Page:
My boyfriend was a dedicated café squatter. He was a musician, which meant that when he wasn’t perched on a bar stool waiting for rehearsal or a set, he could be found slugging coffee at a café. Smokes and a dinged up black notebook full of his existential angst sold separately. The café fomented genius. I knew this from books and movies about the great artists. It was the cradle of passionate, fiery creative breakthroughs. For my boyfriend, it was more like a convenient place to meet his girlfriend, rehash the latest saga about his feuding bandmates, and bitterly complain about D.C’s loathsome “corporate” music scene. Genius visits us in different ways.
We’d often meet at one of the chain cafes in D.C. called “Xando’s.” There was some debate over the pronunciation. It was either “X and Oh’s” or the more exotic and hilarious-sounding “Zando’s,” as if it were actually an off-off-off brand carpet store. All of the Xandos were roomy spaces with tables and booths, slathered in color scheme of soothing mauve and beige. Stock photos of twee cups of cappuccino and baskets of sticks of French bread hung on the walls. They were the antidote to the outbreak of Starbucks. Much later, I found out much they were the café equivalent of Walmart. The closest café to my apartment happened to be a Xandos and became our rendezvous spot whenever we spent the day together.
No matter what time we settled on, he was always there a good thirty minutes early to get a large mug of liquid inspiration. I could always quickly pick his lanky frame out of the smattering of tourists and business people. He was the only one in black jeans with short, spikey hair, crowding over a pummeled copy of Tropic of Cancer. He was very much the exception to the rule of the kind of clientele XandO’s attracted. His haunts of choice were shaggy places in Adams Morgan and Dupont Circle with mismatched furniture and nightly poetry open mics. Older and more worldly than me, he knew where he fit. For him, Xando’s was like killing time in an airport lounge.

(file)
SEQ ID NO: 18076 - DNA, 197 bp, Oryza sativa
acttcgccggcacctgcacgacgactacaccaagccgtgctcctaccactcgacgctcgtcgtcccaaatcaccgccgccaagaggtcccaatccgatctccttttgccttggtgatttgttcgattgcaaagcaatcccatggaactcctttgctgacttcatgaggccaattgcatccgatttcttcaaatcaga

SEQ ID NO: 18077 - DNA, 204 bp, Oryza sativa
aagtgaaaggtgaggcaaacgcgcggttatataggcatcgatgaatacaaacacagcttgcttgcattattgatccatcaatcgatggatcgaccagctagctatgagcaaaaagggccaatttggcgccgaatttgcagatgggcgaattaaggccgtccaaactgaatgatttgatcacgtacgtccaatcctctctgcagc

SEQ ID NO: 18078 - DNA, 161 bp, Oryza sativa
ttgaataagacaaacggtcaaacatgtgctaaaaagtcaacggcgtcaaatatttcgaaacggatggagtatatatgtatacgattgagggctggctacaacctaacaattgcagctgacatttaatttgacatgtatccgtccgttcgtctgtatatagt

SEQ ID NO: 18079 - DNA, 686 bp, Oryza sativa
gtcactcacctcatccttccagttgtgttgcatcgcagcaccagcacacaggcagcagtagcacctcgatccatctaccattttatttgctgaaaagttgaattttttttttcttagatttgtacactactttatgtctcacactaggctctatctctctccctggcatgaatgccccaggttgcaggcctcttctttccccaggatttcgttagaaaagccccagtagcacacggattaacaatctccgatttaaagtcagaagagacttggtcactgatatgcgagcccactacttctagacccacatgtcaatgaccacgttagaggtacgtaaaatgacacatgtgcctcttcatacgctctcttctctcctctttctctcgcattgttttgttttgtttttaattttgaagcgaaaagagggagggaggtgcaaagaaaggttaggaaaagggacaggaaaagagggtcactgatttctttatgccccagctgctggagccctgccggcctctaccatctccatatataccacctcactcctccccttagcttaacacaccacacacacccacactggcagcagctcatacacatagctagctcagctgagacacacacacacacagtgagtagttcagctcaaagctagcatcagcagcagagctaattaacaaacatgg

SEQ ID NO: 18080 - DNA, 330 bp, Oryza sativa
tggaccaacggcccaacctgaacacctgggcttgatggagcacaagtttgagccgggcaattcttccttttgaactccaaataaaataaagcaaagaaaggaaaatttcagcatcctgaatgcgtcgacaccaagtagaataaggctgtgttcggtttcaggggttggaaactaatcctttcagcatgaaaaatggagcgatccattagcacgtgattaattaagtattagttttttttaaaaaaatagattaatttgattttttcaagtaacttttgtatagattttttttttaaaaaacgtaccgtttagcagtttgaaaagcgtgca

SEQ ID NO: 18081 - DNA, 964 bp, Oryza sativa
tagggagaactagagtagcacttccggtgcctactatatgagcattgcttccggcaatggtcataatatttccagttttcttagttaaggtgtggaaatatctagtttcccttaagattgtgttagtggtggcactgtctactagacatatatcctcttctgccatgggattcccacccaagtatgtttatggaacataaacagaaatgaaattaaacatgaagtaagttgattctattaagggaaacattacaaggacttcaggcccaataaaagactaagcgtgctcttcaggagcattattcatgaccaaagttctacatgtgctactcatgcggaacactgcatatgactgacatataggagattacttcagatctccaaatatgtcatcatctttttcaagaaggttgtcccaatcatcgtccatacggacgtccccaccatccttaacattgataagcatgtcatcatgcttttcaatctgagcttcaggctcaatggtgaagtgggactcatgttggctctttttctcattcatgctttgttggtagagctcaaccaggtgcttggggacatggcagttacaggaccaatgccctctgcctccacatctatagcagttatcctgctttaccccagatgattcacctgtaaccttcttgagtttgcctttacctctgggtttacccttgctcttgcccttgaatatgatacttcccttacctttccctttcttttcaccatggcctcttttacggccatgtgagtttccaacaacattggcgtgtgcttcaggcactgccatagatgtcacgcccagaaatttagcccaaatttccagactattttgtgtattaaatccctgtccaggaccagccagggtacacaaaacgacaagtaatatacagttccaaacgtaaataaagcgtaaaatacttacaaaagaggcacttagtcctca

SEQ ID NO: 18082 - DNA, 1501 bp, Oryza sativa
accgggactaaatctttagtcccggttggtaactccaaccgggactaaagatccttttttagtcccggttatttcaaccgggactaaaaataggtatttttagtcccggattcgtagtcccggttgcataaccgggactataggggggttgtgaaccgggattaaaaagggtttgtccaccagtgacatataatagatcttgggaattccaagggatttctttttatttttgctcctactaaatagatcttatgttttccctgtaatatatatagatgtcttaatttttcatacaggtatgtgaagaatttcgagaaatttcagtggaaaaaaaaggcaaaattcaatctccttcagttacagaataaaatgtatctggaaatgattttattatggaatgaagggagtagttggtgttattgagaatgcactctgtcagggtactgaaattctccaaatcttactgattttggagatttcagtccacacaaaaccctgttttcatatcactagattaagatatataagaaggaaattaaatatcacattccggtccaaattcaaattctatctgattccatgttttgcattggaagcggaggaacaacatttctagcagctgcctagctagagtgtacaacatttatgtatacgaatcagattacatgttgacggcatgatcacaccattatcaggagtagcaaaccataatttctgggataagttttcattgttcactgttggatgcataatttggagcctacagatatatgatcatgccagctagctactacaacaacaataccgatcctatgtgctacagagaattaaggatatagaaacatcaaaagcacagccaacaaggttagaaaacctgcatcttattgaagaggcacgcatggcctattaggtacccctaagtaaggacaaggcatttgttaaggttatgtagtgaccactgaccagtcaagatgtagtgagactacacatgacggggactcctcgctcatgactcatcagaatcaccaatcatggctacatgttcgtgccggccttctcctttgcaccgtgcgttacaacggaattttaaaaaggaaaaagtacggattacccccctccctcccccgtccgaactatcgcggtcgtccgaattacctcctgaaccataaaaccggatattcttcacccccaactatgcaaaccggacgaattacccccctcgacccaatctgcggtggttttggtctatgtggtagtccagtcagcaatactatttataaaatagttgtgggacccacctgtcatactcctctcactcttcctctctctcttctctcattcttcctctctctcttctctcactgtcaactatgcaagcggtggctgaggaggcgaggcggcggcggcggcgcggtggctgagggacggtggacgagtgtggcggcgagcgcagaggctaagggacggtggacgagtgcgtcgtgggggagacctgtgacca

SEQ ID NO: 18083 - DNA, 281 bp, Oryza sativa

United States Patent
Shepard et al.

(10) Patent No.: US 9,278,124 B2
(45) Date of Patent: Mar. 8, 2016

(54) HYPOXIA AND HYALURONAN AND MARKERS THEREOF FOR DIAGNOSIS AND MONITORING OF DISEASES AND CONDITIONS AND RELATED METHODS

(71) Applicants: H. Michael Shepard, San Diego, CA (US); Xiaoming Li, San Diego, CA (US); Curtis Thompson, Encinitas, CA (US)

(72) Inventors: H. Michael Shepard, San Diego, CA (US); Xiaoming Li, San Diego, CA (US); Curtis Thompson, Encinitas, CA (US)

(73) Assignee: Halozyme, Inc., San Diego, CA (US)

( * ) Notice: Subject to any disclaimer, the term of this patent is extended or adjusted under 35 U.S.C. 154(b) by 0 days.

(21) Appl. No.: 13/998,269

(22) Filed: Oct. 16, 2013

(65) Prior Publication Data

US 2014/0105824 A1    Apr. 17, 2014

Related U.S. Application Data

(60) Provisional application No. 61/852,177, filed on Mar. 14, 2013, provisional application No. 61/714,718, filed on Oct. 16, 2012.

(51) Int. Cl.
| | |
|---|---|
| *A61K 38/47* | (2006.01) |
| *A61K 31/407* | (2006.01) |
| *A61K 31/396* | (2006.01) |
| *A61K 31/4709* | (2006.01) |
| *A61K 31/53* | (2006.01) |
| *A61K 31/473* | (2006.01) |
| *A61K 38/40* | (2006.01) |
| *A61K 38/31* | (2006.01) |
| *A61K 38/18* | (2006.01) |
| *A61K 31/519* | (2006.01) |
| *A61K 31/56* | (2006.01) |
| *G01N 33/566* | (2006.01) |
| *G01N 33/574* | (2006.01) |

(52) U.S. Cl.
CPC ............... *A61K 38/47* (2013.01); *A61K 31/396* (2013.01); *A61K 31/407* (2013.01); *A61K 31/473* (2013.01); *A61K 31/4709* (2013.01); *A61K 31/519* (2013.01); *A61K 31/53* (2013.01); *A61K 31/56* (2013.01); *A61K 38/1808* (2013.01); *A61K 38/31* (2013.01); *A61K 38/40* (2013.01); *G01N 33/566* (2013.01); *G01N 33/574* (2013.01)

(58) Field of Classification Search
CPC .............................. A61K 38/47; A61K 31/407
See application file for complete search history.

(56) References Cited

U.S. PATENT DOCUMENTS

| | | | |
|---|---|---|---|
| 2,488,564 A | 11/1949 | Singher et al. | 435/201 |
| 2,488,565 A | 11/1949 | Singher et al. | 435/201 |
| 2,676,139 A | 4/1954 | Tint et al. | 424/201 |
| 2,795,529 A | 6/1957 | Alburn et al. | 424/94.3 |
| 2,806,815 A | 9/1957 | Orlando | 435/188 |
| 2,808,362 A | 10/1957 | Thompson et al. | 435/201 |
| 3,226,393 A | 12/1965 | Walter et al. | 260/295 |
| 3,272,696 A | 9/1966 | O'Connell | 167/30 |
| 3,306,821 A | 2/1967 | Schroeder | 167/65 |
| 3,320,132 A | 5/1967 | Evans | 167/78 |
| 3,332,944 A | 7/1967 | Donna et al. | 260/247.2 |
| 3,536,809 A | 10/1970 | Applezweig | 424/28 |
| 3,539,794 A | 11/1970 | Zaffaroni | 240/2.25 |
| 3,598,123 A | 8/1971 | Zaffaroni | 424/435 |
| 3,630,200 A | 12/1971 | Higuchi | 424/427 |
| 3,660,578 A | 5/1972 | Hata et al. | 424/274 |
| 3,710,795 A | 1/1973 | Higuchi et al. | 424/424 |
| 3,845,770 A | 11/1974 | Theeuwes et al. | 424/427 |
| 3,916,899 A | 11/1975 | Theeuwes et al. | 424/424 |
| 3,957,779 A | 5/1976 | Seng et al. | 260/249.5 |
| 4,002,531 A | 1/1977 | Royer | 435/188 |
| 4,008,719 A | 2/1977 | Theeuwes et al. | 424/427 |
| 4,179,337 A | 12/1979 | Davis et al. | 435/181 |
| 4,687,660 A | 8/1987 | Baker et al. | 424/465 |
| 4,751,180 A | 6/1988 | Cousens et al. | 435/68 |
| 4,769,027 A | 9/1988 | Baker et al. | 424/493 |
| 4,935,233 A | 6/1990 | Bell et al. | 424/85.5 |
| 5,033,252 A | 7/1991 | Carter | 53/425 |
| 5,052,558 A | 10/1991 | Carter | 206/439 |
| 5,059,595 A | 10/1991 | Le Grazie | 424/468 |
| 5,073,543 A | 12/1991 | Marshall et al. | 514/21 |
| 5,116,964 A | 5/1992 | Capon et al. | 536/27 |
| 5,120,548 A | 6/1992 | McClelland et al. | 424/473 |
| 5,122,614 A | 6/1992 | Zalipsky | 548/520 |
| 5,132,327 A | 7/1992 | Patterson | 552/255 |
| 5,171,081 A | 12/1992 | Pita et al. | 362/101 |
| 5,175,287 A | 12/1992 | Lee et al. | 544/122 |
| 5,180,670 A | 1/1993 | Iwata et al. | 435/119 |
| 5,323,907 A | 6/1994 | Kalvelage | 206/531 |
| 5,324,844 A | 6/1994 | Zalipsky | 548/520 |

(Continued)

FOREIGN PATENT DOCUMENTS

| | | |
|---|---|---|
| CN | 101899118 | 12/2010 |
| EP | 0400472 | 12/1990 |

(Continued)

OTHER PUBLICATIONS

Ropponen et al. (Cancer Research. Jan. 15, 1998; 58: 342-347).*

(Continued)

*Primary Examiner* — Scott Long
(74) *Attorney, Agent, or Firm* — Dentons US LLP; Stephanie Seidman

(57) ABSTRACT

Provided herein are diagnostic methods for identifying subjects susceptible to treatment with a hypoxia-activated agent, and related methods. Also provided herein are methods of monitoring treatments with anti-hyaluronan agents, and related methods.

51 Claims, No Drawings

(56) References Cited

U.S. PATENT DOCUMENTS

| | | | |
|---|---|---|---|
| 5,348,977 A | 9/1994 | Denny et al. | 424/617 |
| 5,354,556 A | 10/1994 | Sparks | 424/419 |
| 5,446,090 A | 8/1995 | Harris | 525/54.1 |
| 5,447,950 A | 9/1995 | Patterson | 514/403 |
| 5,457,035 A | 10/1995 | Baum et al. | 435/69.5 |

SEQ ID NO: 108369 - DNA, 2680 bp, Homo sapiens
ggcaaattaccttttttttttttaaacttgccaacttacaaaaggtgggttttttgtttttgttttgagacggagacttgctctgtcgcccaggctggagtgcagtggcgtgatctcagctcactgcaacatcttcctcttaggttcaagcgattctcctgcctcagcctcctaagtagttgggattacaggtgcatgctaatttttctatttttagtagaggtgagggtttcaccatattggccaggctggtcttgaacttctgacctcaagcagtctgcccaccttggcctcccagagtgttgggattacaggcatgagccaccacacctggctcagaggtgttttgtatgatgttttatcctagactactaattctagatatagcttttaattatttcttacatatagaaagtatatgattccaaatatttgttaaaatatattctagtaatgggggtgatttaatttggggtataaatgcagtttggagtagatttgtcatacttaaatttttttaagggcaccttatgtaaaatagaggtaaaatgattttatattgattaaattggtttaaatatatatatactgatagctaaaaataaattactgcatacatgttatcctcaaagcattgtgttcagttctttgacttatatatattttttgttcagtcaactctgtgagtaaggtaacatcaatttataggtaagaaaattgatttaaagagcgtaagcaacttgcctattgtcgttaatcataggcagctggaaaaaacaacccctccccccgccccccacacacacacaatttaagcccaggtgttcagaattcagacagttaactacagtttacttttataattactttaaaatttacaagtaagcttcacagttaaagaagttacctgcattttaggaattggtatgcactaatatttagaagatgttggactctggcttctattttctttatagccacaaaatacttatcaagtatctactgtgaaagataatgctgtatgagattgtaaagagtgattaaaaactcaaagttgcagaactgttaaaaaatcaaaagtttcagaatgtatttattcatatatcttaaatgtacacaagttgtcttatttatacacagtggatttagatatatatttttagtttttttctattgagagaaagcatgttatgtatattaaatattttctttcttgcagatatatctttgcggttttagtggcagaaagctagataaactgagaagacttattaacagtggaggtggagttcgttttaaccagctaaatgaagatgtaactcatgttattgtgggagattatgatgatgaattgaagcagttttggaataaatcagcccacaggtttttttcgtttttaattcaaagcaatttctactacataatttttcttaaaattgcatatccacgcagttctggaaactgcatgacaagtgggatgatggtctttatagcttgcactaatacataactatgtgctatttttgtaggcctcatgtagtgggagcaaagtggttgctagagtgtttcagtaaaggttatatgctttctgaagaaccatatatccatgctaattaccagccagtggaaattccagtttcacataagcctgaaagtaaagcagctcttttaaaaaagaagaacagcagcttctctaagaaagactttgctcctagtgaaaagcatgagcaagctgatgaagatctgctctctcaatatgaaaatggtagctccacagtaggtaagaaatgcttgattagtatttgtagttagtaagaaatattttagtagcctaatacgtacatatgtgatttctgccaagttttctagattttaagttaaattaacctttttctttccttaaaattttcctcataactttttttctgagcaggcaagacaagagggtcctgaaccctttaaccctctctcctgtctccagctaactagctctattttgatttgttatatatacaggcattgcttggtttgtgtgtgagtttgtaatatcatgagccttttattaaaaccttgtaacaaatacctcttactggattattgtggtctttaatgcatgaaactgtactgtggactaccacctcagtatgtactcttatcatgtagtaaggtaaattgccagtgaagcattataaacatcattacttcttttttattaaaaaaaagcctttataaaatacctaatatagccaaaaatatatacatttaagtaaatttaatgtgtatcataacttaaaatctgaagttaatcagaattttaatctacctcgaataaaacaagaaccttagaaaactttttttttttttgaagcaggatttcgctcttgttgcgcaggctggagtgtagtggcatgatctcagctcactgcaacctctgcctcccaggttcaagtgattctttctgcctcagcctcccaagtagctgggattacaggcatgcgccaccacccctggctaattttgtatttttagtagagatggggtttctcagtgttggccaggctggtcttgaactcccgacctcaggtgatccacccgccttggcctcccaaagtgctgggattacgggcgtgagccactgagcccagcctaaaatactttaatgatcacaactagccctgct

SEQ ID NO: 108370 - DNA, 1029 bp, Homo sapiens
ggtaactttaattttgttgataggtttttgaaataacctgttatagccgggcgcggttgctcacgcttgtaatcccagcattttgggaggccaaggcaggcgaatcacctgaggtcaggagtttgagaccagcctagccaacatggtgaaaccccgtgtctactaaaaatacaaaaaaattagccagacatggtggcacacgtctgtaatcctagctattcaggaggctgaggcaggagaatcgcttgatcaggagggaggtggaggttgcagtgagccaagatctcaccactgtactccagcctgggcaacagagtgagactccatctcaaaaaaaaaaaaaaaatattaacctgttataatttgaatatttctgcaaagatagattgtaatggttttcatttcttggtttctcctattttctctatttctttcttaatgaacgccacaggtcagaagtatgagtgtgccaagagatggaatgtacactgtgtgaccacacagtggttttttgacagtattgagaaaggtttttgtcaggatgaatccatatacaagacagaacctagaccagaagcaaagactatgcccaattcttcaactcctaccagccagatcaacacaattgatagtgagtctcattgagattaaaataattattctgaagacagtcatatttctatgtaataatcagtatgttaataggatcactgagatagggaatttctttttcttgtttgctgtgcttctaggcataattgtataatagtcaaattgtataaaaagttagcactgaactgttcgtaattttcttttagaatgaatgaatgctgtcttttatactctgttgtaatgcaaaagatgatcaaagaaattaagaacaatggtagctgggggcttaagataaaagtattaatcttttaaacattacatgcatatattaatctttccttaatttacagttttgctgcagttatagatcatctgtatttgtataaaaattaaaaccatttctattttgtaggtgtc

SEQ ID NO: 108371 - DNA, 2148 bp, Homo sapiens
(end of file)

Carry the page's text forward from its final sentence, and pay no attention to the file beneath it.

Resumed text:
I didn’t drink coffee at the time. Instead I would order an ice tea and scooch up next to him and let myself feel part of this tribe of people, the café clique. The more I went, the more I felt like less of a tourist in my own city and more like an actual citizen. The simple act of hanging out in this lame café sloughed off the exterior of my small-town suburban self to reveal a city person underneath. I liked this person even as I had no idea who she was. The café gave me another way to find out. And isn’t life just one costume change after another?
I love Boston’s café culture. I love the pretentious places on Newbury Street, no bigger than the galley kitchen of a tugboat that fill to capacity within a half hour of opening. I love the places with big couches and long tables overrun with students. I even love the cafés that intimidate me like the one my friend picked for us to meet. It’s good to push against your comfort zone and to try on a different perspective (even one that involves gluten-free pastries). I brave the hipster café with my friend. I’m a stranger in a strange land. I appreciate the chance to try on belonging here.